Imperialism and the Indian Removal Act

Written October 18, 2015 In a message to the Congress of the United States dated 8 December 1829 [President Andrew] Jackson declared of [Indian] removal: ‘This emigration should be voluntary, for it would be as cruel as unjust to compel the aborigines to abandon the graves of their father, and seek a home in a … Continue reading Imperialism and the Indian Removal Act

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The Early Steps of the Political Incorporation of New Mexico into the United States

Written March 13, 2016   When Mexico gained its independence in 1821, Mexico’s northern frontier floundered in the vacuum left by the absence of Spanish troops, money, and governance. The Mexican frontier became a convenient and increasingly lucrative target for the expanding United States. The region was poorly defended, poorly managed, disenchanted with its federal … Continue reading The Early Steps of the Political Incorporation of New Mexico into the United States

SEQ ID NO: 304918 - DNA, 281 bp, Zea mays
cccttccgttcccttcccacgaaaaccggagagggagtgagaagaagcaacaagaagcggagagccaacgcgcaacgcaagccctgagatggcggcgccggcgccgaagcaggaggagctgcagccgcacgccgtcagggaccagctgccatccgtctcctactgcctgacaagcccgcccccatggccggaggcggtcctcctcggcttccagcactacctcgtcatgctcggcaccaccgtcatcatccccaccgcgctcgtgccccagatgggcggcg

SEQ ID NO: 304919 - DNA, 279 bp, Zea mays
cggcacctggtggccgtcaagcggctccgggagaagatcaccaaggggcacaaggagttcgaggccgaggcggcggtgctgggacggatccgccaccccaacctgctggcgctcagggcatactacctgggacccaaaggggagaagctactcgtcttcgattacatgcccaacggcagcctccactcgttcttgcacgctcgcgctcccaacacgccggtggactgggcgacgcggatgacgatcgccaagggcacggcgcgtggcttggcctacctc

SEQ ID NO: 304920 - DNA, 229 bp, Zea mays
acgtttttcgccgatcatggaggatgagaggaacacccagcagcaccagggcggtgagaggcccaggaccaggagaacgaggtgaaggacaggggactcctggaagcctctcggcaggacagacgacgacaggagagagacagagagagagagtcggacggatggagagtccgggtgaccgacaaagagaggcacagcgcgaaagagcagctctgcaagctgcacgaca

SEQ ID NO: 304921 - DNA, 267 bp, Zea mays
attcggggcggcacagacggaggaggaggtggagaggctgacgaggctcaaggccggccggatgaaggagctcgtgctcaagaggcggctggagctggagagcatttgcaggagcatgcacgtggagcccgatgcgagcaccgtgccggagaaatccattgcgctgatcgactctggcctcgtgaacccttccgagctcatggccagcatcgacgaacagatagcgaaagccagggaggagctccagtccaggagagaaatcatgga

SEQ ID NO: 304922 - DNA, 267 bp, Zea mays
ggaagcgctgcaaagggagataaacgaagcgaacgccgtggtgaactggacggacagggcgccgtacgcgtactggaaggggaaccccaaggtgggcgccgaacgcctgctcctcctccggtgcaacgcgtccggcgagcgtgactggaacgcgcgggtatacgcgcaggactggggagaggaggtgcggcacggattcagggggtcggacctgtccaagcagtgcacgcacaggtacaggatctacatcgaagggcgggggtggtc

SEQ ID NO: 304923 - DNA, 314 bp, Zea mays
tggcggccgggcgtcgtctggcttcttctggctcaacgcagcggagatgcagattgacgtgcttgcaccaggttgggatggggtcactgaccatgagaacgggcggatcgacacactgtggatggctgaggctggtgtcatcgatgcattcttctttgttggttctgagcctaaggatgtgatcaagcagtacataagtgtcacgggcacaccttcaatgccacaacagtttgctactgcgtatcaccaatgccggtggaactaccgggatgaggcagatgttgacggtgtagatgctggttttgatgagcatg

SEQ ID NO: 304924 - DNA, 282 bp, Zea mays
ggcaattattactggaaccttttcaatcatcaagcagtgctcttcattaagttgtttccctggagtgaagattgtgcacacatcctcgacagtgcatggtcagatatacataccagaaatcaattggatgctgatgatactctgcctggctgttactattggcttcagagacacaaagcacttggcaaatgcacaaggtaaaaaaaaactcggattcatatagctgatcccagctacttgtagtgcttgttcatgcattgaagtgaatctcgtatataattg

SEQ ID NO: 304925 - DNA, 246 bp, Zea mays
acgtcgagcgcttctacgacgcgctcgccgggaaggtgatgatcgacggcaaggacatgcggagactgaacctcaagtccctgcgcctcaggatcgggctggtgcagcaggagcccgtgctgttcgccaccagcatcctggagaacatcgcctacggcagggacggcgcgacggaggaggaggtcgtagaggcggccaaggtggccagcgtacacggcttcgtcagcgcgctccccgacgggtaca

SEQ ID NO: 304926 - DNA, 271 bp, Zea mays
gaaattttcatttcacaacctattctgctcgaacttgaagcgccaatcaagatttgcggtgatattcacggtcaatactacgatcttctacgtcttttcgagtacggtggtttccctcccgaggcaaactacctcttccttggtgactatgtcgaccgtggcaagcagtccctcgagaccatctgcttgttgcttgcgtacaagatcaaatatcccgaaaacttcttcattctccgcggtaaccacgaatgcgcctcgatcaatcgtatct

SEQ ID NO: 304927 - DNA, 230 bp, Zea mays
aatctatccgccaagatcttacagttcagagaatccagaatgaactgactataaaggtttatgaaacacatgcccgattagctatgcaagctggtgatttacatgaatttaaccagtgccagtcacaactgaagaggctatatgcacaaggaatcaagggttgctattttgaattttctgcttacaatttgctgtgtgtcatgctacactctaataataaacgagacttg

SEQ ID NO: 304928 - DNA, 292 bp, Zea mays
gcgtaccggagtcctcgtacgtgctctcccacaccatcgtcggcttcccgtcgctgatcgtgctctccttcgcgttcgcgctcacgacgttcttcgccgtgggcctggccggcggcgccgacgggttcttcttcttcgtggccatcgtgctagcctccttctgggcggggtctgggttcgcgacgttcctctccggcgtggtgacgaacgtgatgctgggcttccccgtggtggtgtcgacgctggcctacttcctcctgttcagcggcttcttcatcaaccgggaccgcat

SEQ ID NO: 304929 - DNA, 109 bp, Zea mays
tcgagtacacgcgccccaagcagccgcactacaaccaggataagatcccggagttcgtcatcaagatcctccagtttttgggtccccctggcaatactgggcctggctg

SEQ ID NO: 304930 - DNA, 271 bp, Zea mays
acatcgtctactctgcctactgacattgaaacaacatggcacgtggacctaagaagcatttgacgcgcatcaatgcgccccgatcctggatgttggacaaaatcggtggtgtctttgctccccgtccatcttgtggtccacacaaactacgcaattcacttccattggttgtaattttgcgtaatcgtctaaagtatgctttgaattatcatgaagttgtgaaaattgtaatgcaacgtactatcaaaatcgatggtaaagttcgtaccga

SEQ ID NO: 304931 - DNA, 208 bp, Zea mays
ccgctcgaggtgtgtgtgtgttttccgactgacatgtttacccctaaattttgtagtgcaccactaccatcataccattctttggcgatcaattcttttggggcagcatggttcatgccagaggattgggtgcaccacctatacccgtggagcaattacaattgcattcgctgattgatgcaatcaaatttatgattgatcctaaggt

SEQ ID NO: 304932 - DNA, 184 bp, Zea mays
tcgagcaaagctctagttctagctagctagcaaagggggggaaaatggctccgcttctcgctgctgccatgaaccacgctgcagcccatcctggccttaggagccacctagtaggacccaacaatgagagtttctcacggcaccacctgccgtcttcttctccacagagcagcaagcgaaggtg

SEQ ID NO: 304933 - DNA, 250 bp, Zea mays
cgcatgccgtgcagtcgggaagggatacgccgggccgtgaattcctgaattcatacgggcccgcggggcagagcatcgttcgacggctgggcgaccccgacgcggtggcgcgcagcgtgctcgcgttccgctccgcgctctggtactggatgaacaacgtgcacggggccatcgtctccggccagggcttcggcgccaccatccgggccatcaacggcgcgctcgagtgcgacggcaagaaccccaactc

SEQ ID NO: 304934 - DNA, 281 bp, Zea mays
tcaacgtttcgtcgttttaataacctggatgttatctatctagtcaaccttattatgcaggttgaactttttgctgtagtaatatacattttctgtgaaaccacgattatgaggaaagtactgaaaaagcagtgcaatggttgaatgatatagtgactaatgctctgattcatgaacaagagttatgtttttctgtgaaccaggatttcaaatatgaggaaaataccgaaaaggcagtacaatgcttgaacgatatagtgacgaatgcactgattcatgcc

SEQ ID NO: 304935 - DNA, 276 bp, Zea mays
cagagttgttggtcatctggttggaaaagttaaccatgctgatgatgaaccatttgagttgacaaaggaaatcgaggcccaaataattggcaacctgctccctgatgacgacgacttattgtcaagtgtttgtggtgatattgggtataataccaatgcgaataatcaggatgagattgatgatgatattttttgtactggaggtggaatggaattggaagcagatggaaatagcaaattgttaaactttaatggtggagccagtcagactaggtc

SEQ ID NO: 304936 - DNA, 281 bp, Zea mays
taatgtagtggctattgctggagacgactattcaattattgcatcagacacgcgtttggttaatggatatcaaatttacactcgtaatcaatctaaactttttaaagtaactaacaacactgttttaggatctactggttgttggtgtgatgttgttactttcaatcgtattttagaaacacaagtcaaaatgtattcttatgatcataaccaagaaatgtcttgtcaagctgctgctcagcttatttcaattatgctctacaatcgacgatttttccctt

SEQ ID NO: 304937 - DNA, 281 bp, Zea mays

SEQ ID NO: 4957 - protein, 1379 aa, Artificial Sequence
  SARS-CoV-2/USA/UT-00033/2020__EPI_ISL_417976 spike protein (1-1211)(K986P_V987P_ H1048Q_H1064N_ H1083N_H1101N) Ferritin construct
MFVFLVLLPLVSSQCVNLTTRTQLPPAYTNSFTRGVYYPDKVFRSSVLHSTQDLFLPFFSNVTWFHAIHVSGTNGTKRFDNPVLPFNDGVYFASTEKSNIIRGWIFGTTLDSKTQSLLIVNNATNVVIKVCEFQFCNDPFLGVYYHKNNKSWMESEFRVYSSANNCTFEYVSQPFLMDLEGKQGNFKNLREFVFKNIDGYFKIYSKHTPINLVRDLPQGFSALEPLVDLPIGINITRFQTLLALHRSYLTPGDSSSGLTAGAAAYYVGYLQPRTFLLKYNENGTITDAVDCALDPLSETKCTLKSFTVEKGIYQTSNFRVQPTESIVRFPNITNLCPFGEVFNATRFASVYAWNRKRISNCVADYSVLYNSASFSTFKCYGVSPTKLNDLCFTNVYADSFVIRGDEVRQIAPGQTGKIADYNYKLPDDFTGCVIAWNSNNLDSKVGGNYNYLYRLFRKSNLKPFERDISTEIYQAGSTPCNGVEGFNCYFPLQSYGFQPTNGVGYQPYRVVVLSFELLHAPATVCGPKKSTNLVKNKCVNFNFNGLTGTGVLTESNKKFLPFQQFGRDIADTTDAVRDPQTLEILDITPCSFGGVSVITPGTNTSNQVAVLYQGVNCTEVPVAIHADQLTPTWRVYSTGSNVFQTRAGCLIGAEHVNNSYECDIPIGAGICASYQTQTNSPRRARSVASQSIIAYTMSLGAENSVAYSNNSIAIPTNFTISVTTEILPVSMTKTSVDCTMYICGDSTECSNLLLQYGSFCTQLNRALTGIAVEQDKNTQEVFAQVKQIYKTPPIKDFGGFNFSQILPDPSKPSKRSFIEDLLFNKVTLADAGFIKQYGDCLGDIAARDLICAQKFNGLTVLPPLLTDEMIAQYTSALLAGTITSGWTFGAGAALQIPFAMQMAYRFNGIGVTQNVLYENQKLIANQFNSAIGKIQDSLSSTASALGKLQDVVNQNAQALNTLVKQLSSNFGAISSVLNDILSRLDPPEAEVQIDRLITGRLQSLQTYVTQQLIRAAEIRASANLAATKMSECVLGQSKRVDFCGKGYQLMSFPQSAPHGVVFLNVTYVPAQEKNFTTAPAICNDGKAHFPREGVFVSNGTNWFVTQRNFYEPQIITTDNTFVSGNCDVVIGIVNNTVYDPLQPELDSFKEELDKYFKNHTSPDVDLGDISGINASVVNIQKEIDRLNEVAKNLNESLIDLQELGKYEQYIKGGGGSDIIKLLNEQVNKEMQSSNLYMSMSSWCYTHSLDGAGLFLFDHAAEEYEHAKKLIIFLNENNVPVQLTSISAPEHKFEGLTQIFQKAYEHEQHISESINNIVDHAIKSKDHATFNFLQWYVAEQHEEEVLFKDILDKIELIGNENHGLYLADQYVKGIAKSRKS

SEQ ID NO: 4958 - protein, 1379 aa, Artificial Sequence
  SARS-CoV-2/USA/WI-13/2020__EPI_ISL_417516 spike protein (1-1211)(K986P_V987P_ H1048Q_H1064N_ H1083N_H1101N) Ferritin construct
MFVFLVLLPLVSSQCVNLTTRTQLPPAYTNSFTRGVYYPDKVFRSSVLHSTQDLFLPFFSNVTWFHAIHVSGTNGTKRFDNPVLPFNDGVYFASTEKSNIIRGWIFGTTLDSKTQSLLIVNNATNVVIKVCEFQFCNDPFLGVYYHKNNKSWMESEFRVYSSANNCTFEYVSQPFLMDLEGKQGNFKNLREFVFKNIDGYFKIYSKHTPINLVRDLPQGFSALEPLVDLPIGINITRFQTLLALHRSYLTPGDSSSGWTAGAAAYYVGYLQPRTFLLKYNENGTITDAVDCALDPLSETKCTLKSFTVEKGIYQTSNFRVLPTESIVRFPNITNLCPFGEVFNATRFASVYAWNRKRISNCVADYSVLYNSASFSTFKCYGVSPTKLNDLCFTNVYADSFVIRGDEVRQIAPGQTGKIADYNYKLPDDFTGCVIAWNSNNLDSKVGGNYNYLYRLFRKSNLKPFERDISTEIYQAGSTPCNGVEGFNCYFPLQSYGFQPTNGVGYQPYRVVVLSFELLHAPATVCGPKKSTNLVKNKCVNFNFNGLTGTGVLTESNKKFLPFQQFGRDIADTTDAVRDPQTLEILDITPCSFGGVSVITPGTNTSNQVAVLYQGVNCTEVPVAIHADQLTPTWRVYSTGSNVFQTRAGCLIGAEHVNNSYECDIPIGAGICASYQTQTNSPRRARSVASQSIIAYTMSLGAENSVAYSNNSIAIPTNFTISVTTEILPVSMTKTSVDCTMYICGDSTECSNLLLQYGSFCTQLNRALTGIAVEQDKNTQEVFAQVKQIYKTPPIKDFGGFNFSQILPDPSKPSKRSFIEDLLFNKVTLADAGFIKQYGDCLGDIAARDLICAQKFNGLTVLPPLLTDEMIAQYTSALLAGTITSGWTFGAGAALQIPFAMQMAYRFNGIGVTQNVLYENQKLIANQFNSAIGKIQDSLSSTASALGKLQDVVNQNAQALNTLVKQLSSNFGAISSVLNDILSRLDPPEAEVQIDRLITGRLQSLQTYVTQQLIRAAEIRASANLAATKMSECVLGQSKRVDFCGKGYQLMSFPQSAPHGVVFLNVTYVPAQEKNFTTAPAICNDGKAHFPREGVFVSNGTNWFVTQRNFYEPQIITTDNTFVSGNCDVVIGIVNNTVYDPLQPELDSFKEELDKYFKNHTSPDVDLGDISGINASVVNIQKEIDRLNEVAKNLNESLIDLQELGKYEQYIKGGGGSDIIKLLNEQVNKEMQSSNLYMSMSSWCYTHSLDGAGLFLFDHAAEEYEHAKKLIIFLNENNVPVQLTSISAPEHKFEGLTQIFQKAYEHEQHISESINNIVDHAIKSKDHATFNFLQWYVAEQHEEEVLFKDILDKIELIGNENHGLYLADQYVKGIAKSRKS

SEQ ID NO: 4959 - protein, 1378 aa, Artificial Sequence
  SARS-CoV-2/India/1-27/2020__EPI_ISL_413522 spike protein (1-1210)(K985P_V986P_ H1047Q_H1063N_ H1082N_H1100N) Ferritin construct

Rations and social control in Spanish New Mexico

Written February 29, 2016   The reentry of the Spaniards into New Mexico in the 1690s was violent and expensive, despite the Spaniards’ alliance with certain Puebloan groups.[1] A hundred years later, the Spanish colonization of the Apaches and Comanches began with violence, too, but after high death tolls, that violence gave way to a … Continue reading Rations and social control in Spanish New Mexico